Margerit Sovitre did not expect to inherit the Baron Saveze’s fortunes—and even less his bodyguard. The formidable Barbara, of unknown parentage and tied to the barony for secretive reasons, is a feared duelist, capable of defending her charges with efficient, deadly force.
Equally perplexing is that while she is now a highly eligible heiress, Margerit did not also inherit the Saveze title, and the new baron eyes the fortunes he lost with open envy. Barbara, bitter that her servitude is to continue, may be the only force that stands between Margerit and the new Baron’s greed—and the ever deeper layers of intrigue that surround the ill-health of Alpennia’s prince and the divine power from rituals known only as The Mysteries of the Saints.
At first Margerit protests the need for Barbara’s services, but soon she cannot imagine sending Barbara away—for reasons of state and reasons of the heart.
Heather Rose Jone debuts with a sweeping story rich in intrigue and the clash of loyalties and love.
Dear Heather Rose Jones,
I got interested in your book after I saw it mentioned on File 770. I bought it a while ago so I did not remember much from the review that intrigued me except that it talked about fantasy, adventure and lesbian romance. This sounded exactly like my cup of tea, however I started the book twice and put it down before I managed to finish it just now before writing this review.
I will be honest first few chapters (despite very good writing) bored me silly.
I was not sure why I should care about Margerit. Oh she seemed like a nice enough young woman, who wanted to be a scholar and who suddenly inherited a fortune from the godfather she did not know too well and together with that fortune she inherited her godfather's duelist Barbara.
Was Barbara late Baron's slave? Well, the story Baron told Barbara was that he bought her ,so in the beginning my answer was absolutely yes. She was treated well, but she did not seem to have personal freedom to leave his employment, and as I said Margerit seemed to inherit her with her Godfather's fortune. The man promised Barbara to free her upon his death but never did. Ooops.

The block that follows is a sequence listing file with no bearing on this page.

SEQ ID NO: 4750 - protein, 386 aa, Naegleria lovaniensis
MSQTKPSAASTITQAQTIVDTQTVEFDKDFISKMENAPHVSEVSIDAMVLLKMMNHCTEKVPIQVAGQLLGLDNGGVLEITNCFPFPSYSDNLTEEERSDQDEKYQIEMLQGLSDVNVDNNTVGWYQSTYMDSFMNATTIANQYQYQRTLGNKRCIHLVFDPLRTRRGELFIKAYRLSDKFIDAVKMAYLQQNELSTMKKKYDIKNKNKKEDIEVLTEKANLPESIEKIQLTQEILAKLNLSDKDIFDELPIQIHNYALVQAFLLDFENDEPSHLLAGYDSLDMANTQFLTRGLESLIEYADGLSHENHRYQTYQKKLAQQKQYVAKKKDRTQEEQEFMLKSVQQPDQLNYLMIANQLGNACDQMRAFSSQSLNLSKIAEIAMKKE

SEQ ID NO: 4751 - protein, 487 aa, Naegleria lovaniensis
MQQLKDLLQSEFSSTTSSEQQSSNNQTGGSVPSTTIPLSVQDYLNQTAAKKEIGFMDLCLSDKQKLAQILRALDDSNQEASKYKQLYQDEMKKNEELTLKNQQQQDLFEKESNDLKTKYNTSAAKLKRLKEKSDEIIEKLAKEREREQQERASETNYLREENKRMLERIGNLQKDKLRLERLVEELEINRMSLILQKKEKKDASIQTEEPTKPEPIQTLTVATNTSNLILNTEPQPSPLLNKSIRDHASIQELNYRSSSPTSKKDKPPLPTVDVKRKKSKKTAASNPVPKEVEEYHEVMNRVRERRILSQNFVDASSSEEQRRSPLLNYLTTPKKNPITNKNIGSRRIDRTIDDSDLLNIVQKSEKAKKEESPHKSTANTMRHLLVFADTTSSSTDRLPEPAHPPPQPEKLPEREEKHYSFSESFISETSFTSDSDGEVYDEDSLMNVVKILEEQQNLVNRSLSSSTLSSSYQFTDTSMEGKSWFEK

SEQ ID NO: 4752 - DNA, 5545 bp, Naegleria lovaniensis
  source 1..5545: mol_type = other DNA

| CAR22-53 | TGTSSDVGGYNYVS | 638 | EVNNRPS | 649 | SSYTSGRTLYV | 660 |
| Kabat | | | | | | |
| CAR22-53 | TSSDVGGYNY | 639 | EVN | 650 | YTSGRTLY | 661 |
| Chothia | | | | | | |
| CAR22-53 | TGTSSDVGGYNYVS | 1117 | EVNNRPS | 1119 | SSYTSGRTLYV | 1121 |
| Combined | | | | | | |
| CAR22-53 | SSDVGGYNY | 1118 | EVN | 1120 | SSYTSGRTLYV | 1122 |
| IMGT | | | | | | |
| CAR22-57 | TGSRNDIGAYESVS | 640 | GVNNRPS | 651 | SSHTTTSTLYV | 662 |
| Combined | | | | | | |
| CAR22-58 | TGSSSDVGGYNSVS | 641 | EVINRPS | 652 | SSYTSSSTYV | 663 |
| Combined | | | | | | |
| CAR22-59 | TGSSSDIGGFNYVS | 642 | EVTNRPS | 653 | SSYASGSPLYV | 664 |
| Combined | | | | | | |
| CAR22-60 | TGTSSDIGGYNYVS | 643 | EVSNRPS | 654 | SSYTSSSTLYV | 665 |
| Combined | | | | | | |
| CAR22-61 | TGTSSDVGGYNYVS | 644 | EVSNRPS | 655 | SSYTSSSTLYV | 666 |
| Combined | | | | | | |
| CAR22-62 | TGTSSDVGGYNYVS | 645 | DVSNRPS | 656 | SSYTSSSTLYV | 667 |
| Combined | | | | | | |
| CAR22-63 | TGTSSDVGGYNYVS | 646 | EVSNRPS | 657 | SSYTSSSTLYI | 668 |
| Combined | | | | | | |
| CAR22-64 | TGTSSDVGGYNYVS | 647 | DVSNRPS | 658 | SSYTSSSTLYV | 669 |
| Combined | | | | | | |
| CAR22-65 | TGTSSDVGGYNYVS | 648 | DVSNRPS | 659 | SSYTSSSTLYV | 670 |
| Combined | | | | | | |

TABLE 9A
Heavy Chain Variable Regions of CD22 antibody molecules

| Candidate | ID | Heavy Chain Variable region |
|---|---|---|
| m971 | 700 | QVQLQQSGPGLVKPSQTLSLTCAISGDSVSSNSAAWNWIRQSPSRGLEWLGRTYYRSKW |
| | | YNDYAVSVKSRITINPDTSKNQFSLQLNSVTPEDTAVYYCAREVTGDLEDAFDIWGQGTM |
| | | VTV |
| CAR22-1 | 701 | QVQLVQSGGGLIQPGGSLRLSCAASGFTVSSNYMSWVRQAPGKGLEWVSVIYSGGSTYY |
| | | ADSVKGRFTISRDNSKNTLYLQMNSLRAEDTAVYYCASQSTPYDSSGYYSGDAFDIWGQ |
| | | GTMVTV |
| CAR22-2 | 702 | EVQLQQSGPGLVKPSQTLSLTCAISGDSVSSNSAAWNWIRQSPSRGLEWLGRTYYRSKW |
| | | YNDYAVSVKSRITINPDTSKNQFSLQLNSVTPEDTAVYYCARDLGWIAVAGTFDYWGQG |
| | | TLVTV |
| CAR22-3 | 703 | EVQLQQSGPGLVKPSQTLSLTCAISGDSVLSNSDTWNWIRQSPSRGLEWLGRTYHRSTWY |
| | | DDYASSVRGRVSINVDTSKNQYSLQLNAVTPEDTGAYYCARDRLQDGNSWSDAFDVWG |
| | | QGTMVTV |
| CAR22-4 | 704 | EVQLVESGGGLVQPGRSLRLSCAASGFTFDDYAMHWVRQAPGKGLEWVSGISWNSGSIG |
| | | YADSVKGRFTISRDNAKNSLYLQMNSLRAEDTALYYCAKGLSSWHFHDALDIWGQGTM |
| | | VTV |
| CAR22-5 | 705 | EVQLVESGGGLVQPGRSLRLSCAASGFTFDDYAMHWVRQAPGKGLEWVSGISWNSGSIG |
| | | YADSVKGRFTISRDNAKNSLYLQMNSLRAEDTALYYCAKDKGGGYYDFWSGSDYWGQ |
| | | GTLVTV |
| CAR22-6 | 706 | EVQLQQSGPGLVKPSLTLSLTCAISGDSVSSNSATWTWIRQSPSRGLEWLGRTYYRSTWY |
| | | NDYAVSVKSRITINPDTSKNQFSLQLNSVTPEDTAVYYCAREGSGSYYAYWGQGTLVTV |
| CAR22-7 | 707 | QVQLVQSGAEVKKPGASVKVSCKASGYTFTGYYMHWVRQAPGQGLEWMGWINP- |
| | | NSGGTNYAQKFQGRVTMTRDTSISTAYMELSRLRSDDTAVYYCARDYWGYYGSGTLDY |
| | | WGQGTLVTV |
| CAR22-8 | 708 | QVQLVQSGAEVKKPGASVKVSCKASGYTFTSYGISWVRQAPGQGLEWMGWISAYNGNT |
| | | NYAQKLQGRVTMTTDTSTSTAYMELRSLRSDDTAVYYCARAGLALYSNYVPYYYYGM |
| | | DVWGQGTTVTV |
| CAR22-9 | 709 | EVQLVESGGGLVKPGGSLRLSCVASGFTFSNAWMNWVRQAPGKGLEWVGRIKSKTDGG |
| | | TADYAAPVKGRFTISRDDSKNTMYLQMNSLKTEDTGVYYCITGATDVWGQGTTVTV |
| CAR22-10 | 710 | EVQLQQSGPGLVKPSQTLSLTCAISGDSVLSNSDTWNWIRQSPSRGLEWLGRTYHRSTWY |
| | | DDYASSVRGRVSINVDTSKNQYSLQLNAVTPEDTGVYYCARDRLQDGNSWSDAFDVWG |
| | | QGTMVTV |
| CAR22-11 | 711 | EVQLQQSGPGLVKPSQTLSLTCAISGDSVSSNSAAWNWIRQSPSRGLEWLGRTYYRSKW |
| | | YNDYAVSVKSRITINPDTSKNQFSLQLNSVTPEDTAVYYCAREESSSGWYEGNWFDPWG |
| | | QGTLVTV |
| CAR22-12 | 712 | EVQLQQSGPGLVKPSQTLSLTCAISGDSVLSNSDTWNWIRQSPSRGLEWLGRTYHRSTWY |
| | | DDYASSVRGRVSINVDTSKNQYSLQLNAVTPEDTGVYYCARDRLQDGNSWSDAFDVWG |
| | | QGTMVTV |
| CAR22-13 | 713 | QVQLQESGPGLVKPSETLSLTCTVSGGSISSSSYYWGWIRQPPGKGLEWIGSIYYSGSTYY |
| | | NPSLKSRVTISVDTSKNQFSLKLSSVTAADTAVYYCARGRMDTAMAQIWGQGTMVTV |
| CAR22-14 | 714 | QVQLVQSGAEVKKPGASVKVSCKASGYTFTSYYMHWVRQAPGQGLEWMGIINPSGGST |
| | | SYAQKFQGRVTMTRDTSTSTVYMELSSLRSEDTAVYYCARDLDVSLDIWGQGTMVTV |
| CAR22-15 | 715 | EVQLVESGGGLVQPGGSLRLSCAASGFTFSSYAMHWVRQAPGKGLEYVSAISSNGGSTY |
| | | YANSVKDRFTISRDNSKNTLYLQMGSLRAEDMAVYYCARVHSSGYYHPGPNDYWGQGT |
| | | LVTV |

Margerit attempts to free Barbara when will is read, but it becomes clear that she would lose the inheritance if she tries and that in a couple of years when she and Barbara reach the majority, some other terms in the will shall come into play and Barbara's situation may change. So she becomes Margerit's bodyguard (armin) and duelist if needed. It seemed that the narrative wanted me to accept her situation and move along which I tried to do.
And then we are dealing with Margerit's adjusting to her new role as heiress and her figuring out how to leave her uncle's house and start her own household in order to start attending lectures in the university and I just did not care. I was not sure why Margerit was interesting as a character and I even felt guilty because here is the woman who is supposedly living in the fictional equivalent of 18 or 19 century European country ( not sure which one - some reviews said Austria, some reviews said Germany, I will leave it up to the readers to decide which country Alpenia reminded them the most of) and who wants to escape the conventional route of marriage for her and become a scholar.
I *should have * loved her journey and empathized with her, but I did not and I place the blame solely on the writing for failing to convince me .
Did you know that Margerit has a gift? Only what are the implications of that gift had not become clear to me till 57% of the long book ( over 6000 locations ) on my kindle. See, for a long time I could not figure out why the heck the story would belong in the fantasy genre. Oh, I understood that since it was not strictly historical, it could be called historical fantasy for that reason alone, but reviews talked about magic and I was reading and thinking - hey magic, please feel free to show up any time now.